Kale suddenly appears beside Will to break it down: "Donald Bloom is an old friend of mine." Will feigns ignorance, but Kale isn't buying it. "I didn't mean to intrude," Will says. "You didn't. You scurried away," Kale says. Ha. He did, too. "I was embarrassed for some reason," Will says. Kale isn't buying that, either. "You just happened to be in that restaurant?" he says. "I like the prawns," Will says. Kale finds Will's attempt to be clever adorable. "I strongly suggest you stick to the analysis side of things. I would hate to see you involved in any mayhem," he says. Don't worry, Will -- this show's idea of mayhem probably involves curling up in front of a fire with a good book and a mug of warm milk.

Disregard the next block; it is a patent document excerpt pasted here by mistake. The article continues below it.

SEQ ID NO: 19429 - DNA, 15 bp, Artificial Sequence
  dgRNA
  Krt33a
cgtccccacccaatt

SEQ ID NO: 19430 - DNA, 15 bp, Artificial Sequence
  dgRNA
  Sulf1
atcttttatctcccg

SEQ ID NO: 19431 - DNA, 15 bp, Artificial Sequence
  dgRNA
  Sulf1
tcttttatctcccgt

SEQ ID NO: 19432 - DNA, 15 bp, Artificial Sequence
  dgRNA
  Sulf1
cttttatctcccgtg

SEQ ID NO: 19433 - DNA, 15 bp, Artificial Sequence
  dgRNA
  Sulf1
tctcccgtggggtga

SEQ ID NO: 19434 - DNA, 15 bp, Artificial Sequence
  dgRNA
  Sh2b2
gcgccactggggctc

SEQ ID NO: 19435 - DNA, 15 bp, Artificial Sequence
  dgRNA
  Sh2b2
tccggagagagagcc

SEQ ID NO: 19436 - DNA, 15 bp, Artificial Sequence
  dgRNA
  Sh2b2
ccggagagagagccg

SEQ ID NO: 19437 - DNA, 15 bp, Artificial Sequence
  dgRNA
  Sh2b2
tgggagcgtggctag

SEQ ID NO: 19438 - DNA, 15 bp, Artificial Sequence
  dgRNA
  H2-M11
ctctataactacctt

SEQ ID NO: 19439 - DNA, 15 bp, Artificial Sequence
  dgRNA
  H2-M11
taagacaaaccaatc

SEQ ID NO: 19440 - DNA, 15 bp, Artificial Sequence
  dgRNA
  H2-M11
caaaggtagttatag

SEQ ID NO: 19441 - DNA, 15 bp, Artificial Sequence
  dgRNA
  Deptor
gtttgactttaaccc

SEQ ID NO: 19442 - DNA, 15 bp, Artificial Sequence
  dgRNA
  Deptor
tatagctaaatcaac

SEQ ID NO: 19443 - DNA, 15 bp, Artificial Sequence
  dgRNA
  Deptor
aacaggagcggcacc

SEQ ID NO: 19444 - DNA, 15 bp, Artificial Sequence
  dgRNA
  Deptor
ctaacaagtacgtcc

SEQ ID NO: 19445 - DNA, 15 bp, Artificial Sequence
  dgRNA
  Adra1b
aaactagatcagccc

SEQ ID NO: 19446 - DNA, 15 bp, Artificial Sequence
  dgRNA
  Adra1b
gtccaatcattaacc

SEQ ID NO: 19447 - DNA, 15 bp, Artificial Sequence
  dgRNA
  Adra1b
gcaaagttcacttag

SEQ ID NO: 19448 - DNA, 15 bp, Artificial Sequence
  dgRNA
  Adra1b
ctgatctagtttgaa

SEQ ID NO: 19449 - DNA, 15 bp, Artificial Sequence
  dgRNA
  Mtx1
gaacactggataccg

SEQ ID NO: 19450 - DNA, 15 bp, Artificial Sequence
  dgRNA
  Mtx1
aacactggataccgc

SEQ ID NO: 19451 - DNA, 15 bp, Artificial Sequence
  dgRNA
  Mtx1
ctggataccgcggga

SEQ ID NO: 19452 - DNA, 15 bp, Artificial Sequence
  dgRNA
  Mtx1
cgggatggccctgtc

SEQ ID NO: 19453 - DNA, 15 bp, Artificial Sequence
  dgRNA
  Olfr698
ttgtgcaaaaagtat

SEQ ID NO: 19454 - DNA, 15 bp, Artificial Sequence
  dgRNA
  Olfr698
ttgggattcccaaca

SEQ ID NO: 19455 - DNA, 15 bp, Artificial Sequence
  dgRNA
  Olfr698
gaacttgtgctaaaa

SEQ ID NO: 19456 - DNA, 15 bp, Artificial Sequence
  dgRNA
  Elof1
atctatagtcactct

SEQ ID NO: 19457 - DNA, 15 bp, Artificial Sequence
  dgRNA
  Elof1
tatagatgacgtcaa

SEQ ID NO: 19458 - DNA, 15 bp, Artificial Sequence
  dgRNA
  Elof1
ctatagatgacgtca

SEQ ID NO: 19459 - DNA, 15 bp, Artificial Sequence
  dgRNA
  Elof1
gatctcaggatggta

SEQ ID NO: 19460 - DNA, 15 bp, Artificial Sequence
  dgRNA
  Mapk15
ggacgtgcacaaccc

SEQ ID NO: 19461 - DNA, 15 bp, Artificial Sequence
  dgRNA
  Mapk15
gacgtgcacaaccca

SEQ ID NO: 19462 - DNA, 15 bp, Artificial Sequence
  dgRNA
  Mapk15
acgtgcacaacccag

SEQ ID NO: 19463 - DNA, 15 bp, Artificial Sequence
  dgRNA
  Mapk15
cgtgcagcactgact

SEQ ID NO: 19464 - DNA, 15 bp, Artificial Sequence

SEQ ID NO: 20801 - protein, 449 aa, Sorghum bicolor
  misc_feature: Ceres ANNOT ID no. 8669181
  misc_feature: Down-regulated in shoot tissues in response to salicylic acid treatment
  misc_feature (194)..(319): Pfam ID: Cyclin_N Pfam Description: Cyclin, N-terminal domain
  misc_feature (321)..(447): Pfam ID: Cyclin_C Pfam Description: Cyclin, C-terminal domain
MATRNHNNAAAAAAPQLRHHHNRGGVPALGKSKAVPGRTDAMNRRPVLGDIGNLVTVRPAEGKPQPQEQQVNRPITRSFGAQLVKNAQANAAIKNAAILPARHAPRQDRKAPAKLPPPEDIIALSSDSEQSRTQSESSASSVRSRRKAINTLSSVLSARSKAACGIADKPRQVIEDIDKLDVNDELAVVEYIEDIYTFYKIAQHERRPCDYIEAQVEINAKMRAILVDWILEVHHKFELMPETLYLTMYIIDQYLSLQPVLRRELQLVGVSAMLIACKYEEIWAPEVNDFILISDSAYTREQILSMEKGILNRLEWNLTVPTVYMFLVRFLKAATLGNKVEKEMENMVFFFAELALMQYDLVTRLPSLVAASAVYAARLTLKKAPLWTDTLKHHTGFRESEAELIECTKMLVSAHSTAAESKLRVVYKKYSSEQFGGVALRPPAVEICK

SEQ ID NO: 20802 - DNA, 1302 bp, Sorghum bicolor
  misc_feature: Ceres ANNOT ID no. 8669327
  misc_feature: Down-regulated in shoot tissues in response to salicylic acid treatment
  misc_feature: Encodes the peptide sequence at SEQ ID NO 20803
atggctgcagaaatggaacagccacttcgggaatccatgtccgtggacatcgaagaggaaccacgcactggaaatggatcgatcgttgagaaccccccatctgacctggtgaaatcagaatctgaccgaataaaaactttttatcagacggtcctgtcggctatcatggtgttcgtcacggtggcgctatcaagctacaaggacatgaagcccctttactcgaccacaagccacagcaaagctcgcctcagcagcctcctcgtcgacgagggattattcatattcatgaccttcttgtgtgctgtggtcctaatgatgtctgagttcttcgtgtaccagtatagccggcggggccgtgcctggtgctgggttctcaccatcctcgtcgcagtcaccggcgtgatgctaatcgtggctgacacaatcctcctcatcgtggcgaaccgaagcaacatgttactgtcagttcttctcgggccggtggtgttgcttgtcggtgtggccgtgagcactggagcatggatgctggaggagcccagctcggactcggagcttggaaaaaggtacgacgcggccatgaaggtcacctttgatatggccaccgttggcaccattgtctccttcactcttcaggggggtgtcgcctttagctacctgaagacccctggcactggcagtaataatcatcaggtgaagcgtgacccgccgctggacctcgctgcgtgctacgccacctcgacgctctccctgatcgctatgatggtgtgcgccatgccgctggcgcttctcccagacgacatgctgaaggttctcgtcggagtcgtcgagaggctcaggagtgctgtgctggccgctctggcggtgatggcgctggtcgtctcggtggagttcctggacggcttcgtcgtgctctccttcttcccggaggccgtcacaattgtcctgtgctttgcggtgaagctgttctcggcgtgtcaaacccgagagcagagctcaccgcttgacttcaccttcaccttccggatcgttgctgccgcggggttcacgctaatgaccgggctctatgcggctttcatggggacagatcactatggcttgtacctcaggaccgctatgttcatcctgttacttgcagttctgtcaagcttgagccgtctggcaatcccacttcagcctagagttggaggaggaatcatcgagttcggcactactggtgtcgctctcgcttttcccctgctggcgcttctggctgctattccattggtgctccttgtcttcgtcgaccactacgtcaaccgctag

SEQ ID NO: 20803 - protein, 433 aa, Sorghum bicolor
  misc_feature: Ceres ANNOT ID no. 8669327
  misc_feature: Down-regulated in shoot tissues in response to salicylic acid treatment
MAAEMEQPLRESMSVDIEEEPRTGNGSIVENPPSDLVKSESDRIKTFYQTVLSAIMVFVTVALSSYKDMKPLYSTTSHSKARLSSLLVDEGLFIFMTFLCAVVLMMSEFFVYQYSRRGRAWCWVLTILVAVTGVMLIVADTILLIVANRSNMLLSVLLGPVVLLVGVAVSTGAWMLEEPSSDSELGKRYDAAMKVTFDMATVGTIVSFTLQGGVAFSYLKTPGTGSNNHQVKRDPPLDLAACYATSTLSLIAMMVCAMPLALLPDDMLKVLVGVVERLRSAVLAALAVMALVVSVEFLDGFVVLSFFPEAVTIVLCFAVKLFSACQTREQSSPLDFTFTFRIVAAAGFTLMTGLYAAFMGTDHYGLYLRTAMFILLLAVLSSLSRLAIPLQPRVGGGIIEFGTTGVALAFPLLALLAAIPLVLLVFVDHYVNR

The next day, Tanya gives her presentation to Spangler. She says that Beck is wealthy enough not to have to talk to people involved with organized crime, so the fact that he was seen with Yuri means that his reasons are either emotional or ideological, both of which could be very bad for the United States. Beck, Tanya explains, is a "semi-Westernized Muslim" and "sympathetic to the cause." Spangler stops her at one point, only to gesture that she should continue without saying anything. Tanya concludes that Beck has the means and connections to do a lot of damage if he wanted, and if he hasn't been recruited by Al-Qaeda yet, he soon will be. "Done," Spangler says; "drop Yuri. Go all-out for George." Well, that was easy. Suck on it, Grant and Miles! Tanya says George's son is getting married in three days. Spangler says he'll contact NSA to have audio and video surveillance there. So, basically, Tanya's argument was that there's this guy named George Beck in Germany who is rich and Muslim, and he was photographed talking to a Russian gangster. He's probably a terrorist. I know people who are much less educated and trained in analysis who could come up with the same conclusion.